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Warren Buffett on Business: Principles from the Sage of Omaha by Richard J. Connors

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13.3. Businesses—the Great, the Good, and the Gruesome

Let's take a look at what kind of businesses turn us on. And while we're at it, let's also discuss what we wish to avoid.

Charlie and I look for companies that have a) a business we understand; b) favorable long-term economics; c) able and trustworthy management; and d) a sensible price tag. We like to buy the whole business or, if management is our partner, at least 80%. When control-type purchases of quality aren't available, though, we are also happy to simply buy small portions of great businesses by way of stock market purchases. It's better to have a part interest in the Hope Diamond than to own all of a rhinestone.

A truly great business must have an enduring "moat" that protects excellent returns on invested capital. The dynamics of capitalism guarantee that competitors will repeatedly assault any business "castle" that is earning high returns. Therefore a formidable barrier such as a company's being the low-cost producer (GEICO, Costco) or possessing a powerful world-wide brand (Coca-Cola, Gillette, American Express) is essential for sustained success. Business history is filled with "Roman Candles," companies whose moats proved illusory and were soon crossed.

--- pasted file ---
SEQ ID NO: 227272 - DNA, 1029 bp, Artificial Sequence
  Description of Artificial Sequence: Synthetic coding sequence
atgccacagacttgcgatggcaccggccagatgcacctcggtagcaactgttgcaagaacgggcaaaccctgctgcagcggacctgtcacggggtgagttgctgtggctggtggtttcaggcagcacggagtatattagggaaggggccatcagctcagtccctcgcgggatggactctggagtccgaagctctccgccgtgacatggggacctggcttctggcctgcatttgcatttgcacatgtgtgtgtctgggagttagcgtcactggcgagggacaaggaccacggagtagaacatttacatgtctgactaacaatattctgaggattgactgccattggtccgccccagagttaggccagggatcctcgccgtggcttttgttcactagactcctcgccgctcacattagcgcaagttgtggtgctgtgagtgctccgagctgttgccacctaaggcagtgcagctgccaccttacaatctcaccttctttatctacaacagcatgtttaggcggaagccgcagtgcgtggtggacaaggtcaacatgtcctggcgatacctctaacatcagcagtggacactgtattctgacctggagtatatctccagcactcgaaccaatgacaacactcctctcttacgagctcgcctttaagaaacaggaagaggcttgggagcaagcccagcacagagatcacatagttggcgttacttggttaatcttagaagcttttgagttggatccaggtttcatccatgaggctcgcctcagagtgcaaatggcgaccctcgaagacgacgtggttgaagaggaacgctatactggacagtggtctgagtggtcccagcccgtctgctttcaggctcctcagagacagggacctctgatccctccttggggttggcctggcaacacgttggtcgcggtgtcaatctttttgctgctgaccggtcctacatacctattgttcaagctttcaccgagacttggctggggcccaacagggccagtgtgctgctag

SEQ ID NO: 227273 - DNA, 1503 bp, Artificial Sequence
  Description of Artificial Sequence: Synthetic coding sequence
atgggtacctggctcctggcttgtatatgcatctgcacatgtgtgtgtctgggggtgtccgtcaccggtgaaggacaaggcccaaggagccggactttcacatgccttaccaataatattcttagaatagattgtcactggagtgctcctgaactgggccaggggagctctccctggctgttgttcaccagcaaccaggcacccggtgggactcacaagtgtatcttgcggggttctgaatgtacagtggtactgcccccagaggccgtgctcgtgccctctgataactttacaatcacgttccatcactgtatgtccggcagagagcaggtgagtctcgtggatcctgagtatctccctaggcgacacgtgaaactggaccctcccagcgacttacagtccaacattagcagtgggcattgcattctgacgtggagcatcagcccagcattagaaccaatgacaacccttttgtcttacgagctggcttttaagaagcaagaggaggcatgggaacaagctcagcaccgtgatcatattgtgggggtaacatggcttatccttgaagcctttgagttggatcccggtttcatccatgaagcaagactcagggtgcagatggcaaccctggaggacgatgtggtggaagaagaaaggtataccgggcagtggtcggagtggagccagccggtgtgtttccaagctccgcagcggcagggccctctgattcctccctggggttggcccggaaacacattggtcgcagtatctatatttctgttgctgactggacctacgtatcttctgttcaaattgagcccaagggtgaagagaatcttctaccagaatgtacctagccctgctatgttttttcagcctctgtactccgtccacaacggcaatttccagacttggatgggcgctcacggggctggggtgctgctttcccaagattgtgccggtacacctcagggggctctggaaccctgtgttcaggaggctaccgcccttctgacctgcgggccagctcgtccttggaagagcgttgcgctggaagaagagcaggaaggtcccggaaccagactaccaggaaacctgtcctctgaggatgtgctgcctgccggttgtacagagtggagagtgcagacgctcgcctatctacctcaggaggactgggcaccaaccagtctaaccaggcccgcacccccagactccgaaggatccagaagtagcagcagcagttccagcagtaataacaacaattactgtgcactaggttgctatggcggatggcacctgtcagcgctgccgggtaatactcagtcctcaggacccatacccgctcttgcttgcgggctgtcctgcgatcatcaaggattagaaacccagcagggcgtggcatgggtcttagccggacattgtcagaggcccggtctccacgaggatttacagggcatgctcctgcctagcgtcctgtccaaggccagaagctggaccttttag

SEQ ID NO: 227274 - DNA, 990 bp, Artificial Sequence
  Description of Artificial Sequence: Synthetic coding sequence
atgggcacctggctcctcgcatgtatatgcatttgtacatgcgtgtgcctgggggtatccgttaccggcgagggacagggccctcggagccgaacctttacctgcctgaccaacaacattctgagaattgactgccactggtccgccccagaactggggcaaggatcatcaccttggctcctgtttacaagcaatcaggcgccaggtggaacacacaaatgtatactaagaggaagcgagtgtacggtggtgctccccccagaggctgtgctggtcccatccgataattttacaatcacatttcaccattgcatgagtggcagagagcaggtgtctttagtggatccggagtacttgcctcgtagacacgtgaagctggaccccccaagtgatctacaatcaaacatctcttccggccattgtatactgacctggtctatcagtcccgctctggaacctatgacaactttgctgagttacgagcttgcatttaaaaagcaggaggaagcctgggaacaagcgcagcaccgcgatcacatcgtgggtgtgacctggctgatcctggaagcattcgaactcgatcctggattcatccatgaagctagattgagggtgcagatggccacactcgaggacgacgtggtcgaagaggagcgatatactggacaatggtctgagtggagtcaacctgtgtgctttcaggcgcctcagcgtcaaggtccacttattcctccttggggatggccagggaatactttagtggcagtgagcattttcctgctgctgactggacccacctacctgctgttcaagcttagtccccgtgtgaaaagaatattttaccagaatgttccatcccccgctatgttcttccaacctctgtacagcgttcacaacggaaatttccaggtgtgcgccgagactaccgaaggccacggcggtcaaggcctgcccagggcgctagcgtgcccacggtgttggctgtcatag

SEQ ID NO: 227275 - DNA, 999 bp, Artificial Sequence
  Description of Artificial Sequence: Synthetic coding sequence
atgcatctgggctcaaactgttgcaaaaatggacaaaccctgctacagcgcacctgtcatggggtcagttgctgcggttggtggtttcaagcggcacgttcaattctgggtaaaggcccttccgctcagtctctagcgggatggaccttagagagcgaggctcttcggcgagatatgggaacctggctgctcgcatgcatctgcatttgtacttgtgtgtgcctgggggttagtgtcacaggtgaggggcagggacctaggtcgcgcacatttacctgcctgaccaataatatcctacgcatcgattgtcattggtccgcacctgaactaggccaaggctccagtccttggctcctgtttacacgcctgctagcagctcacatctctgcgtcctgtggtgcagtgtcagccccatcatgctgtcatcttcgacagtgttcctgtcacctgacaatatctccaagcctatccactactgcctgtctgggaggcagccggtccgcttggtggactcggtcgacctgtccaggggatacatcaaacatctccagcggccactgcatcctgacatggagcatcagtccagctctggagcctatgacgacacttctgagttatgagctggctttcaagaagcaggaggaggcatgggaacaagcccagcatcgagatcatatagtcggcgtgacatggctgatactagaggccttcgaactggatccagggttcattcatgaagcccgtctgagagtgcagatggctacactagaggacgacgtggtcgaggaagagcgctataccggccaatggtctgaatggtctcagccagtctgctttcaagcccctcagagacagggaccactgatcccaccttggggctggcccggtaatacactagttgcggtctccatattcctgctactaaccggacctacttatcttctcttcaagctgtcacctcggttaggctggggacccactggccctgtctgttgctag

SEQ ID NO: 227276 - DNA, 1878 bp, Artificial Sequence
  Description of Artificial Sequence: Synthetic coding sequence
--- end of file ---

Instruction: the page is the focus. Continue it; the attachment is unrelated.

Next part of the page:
But if a business requires a superstar to produce great results, the business itself cannot be deemed great. A medical partnership led by your area's premier brain surgeon may enjoy outsized and growing earnings, but that tells little about its future. The partnership's ...

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